People everyday pay more for beauty and aesthetic appeal in the goods and services they purchase.  The economics of aesthetics is now being extended to natural surroundings as ways to quantify and valuate them, but the process is more abstract that other valuation methods.  As Virginia Postrel stated,  “Quantifying aesthetic value is very difficult.  It’s not like there is one thing you can measure.  Furthermore, aesthetic elements are bundled into goods and services”[34].  ToVirginia, there are three sources of value and aesthetics in an object: 1) function, 2) meaning and 3) pleasure.  Understanding these aspects of aesthetics allows us to move from the philosophical plane to quantifiable amounts on how much people are WTP or WTA for goods, services and conditions upon which aesthetics plays a role.  This can help us at least imply a financial value to certain aspects of beauty and aesthetics.

 

V. Wasatch Front Demographics

            For my purpose within this report, I define the Wasatch Front to be comprised of Davis, SaltLake, Weber and Utahcounties.  The estimated population of the state of Utahin July 2008 was 2,736,424 people.  The total population of these four counties of was 2,076,307, or approximately 75.88% of Utah’s entire population.  Of this population 203, 886 were children under 5 years old (those most susceptible to air pollution), or 9.82% of the Wasatch Front[35].

            A study by Christopher J. L. Murray et al.[36] recalculated life expectancies for the United States and The Harvard University Initiative for Global Health with the Harvard School of Public Health ranked states according to their average life expectancies.  Utah ranked third in the nation with an average life expectancy of 78.7 years[37].  This is the most recent value I’ve discovered and it coincides nicely with other previous values published by state agencies.  The other average values of life expectancy of all Utah residents included life expectancy at birth based on 1993-2000 Utah mortality data: 78.3 years[38]; and life expectancies at birth from 1998-2003: 77.9 years[39].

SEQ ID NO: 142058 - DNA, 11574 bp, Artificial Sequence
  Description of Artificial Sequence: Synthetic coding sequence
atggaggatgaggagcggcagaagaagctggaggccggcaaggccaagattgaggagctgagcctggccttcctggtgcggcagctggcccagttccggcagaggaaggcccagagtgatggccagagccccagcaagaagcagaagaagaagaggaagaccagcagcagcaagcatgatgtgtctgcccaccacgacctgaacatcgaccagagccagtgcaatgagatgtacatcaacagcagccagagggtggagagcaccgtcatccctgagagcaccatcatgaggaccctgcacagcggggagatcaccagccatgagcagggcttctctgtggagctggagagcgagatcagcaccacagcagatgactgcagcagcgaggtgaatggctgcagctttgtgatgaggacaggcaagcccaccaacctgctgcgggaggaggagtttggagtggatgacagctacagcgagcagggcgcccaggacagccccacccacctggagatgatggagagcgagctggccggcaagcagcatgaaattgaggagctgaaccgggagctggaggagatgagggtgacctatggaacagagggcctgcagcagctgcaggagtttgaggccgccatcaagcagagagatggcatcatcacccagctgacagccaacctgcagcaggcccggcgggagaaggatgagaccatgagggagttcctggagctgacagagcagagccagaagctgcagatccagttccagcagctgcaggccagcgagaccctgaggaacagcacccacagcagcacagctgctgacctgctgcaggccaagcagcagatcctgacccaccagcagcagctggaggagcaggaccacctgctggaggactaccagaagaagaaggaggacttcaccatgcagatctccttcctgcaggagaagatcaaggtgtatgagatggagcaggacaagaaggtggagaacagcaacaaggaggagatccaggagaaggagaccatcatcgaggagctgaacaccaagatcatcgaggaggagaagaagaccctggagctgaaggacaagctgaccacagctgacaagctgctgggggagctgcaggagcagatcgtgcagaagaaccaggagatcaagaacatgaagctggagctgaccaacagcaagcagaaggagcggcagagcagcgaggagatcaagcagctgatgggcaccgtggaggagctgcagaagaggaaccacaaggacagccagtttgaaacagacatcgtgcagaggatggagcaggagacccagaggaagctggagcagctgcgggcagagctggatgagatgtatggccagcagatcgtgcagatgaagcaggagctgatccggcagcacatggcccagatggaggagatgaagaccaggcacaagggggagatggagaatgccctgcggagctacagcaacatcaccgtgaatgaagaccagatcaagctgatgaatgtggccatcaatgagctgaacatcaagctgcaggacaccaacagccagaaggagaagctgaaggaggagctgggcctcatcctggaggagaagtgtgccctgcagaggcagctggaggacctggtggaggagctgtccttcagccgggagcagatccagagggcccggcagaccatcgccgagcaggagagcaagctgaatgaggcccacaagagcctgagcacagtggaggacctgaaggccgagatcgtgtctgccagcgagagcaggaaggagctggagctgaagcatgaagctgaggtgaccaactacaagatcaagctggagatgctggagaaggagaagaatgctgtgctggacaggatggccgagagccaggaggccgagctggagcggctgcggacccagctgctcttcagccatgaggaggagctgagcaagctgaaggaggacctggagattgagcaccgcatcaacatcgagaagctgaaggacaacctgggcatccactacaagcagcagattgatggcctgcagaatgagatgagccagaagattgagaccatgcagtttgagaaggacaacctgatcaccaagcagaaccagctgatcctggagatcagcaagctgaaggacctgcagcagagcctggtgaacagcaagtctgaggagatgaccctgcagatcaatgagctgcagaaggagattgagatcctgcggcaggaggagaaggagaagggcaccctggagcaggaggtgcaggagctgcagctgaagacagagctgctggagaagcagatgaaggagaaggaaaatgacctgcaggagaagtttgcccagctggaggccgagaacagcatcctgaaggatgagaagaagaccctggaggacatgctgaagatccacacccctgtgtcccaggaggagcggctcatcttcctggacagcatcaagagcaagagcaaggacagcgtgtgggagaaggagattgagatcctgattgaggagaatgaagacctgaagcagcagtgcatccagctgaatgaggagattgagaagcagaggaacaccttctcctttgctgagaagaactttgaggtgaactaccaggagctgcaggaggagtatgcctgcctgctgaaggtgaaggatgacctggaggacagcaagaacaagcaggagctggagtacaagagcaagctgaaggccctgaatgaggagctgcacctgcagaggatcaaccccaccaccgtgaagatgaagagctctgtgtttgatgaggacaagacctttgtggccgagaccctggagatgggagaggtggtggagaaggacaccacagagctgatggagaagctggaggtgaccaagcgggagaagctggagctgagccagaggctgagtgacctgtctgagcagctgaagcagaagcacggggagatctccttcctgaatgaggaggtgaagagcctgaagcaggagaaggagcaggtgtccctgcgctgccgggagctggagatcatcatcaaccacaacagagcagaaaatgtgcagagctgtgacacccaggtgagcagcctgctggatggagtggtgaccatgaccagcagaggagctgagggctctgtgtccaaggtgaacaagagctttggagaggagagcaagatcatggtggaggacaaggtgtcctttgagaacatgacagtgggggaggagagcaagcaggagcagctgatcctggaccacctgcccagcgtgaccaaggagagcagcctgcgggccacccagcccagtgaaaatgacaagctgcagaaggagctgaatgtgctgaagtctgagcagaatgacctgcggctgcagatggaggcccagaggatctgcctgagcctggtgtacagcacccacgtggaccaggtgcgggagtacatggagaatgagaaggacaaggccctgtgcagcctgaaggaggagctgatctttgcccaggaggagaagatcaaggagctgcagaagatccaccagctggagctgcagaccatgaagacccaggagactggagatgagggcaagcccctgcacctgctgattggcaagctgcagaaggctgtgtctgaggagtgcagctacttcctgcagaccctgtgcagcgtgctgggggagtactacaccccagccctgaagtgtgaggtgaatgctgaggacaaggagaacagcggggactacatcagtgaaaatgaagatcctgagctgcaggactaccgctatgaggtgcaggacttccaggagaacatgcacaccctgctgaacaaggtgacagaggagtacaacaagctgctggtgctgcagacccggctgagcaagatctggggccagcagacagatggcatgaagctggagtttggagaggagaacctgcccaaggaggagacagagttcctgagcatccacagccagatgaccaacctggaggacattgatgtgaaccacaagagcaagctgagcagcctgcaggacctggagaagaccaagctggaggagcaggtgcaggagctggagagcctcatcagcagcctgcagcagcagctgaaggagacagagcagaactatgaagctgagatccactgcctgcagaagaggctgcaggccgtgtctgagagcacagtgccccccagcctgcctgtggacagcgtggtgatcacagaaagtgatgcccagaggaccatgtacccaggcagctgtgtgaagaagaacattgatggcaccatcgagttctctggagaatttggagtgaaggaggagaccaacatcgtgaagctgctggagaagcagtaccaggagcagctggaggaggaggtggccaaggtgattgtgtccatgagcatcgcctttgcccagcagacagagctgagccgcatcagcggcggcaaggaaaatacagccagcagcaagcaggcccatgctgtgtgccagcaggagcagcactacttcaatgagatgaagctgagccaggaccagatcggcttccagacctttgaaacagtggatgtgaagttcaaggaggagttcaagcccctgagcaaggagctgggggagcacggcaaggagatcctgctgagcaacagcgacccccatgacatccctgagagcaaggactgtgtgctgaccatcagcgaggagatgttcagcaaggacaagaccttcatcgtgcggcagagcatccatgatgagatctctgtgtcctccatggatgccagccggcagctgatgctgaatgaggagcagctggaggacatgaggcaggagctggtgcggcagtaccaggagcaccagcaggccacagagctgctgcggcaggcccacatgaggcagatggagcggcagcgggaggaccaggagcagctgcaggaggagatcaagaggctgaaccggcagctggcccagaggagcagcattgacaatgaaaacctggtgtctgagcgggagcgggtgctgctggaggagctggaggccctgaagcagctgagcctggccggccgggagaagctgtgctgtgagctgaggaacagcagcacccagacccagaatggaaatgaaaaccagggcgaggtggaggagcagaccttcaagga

VI. Wasatch Front Air Pollution

Due to unique topography and weather patterns, the Wasatch Front is subject to inversions that trap air pollutants.  This usually occurs in the winter months.  A large body of scientific and medical research literature supports the fact that health that air pollution leads to and causes many health risks, illnesses and disease.  In order minimize the health risks of air pollutants, the federal government has mandated national ambient air quality standards (NAAQS).  The rationale for these standards is twofold:

Primary standards set limits to protect public health, including the health of “sensitive” populations such as asthmatics, children, and the elderly.  Secondary standards set limits to protect public welfare, including protection against decreased visibility, damage to animals, crops, vegetation, and buildings.[40]

These standards are an attempt to keep pollutants below a certain level known as the critical load.  Nilsson and Grennfelt in 1988 defined this as, “A quantitative estimate of an exposure to one or more pollutants below which significant harmful effects on specified sensitive elements of the environment do not occur according to our present knowledge[41].  To illustrate the relationships between certain amounts of pollutants and the ensuing affects, dose-response functions (DRF) are used.  “The dose response function (DRF) relates the quantity of a pollutant that affects a receptor (e.g. population) to the physical impact on this receptor (e.g. incremental number of hospitalizations)”[42].  These are also known as exposure-response or concentration-response functions and are important in quantifying damages induced by air pollution.